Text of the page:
Drivers, Cyclists Adjust To B&A Trail And Robinson Road Intersection Signal System


“Just push the button,” Nestor Flores said as he advised trail users to use a new signal system to safely cross Robinson Road.

Flores, chief engineer of the traffic division at the Anne Arundel County Department of Public Works (DPW), has spent a considerable amount of time planning and installing the system with help from the local community.

A recent study by the DPW provides information that trail users are not using the system often enough and drivers are confused by it. There have been 11 crashes (three including bikes), multiple near-misses, and violations of bicyclists ignoring stop signs.

“Unfortunately, trail users have not gotten into the habit of using the signal’s system, and drivers are unsure about how to react when they see people at the intersection,” Flores said. “There are sensors and cameras that observe the use of [the] system. This information helps tweak the system to be more effective, if necessary.”

The flashing yellow signal alerts drivers as they approach the crossing; motorists have the right-of-way during this phase of the signal’s operation. When trail users press the signal button, the light will switch to a solid yellow to prepare drivers to stop at the designated line before the crosswalk. When pedestrians see the flashing walk symbol, it is safe to cross while drivers have a solid red light.

Flores added that trail users can expect a 12-second minimum wait to cross, with up to a 57-second wait if traffic is heavy.

“Using the button helps everyone navigate the intersection in the safest manner,” said Jon Korin, a Severna Park resident who is involved in the signal project as chair for the Anne Arundel County Bicycle Advisory Commission and president of Bicycle Advocates for Annapolis and Anne Arundel County, or Bike AAA.

Bike AAA is a nonprofit organization that advocates for bike safety and accessibility for adults and children of all ages, including those with disabilities.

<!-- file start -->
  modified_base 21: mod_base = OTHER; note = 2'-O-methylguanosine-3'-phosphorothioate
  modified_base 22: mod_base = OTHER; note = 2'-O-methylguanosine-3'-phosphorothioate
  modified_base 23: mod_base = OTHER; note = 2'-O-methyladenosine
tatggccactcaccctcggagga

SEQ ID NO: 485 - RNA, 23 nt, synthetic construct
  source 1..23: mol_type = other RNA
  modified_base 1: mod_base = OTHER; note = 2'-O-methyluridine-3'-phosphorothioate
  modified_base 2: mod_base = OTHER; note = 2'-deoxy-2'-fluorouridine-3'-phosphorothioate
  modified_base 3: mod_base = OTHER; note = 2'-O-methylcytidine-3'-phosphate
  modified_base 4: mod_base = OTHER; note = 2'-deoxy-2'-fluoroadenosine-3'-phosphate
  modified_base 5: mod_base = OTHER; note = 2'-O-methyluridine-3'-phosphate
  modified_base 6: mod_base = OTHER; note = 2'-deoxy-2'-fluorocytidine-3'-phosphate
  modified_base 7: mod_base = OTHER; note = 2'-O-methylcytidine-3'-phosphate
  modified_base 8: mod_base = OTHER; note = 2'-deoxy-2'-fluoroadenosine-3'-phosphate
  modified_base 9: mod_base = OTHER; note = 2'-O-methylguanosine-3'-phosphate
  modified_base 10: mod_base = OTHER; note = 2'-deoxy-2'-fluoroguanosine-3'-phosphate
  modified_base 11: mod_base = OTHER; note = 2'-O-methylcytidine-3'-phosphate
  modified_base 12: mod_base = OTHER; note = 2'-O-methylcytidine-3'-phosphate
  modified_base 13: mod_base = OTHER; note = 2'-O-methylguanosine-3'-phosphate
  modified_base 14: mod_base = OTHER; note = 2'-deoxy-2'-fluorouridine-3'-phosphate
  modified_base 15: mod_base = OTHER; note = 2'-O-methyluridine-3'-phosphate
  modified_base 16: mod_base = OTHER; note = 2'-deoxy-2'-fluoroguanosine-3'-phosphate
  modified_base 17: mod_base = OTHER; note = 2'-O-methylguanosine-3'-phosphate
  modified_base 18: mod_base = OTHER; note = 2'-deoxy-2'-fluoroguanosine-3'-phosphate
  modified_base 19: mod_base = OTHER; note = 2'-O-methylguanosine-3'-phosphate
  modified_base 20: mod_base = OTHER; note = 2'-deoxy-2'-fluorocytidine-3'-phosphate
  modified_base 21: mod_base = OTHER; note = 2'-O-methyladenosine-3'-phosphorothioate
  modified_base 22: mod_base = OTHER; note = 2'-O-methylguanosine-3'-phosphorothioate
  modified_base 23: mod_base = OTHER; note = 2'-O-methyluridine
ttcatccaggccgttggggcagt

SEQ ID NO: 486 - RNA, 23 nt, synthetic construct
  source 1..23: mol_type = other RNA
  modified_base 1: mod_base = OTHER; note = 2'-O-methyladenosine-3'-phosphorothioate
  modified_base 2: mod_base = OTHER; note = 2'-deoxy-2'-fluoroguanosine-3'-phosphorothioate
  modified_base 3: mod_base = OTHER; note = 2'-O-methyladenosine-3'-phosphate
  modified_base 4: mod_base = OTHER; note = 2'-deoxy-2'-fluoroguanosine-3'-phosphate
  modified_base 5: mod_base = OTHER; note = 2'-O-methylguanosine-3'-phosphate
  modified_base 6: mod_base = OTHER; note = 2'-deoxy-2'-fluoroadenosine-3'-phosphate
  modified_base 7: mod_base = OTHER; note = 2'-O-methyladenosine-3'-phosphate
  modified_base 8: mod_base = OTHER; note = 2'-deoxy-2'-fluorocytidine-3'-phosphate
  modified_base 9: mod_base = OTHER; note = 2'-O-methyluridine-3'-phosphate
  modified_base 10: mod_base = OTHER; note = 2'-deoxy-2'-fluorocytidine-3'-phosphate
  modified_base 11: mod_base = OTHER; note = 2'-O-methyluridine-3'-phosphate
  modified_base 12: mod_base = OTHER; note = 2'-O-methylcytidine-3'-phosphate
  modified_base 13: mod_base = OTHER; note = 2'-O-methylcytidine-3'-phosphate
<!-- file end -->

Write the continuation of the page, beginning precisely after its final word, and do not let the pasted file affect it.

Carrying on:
“We are fortunate to have the 13-mile B&A Trail; it is one of the most popular in the county and region,” Korin remarked.

James and Rhonda Thomas, and their grandson Gabe, share Korin’s assessment of the trail system. Members of the family are experienced pleasure cyclists who have ridden throughout Holland and on several trails stateside. The Thomas family uses the trail several times a week but less on winter days when the wind chill is harsh.

“People are lucky to have such an extensive and well-cared-for trail,” James Thomas said. “It’s one of the best in the country.”

The family praised the installation of the new signal system.

“The light is very helpful and catches the attention of the driver,” James Thomas said.

Gabe Thomas noted there’s more of a consequence for a bicyclist who doesn’t stop than for a driver of a car.

“You’re just as dead if you’re wrong,” James Thomas remarked.

Jean Albaug is frequently reclined in her recumbent bicycle on the trail and uses the signal at Robinson Road. She also has concerns about the Jones Station Road crossing.

“It is also a very dangerous spot because people don’t pay attention to who has the right of way at the four-way stop,” Albaug said. “One time, I signaled that it was my turn to cross, and a pickup truck driver deliberately gunned his engine and sped across the intersection as if to hit me.”

Korin’s volunteer roles emphasize the need for educating cyclists and motorists on how to coexist safely on shared routes.

“There are other intersection projects along the bike trail that will be addressed — Old County Road with Route 648 and Evergreen Road, Whites Road and Jones Station Road,” Korin said.

Jones Station Road will eventually become busier once the B&A Trail connects to the Broadneck Trail. Once fully completed, the Broadneck portion will allow riders to reach its end at Sandy Point State Park in Annapolis.

Korin hopes residents will take part in the annual Lifeline 100 community bicycle event on October 1 at Kinder Farm Park.

“It is an inclusive event for riders of all ages, including ones with disabilities and special needs,” Korin said.

The event will feature fun activities and rides for families. For more experienced riders, there are scenic 65- and 100-mile county tours with water views and historic sites, and 15- and 30-mile flat and paved trail rides. Lifeline 100 started in 2014, and it has raised more than $250,000 for charity. More information is available at


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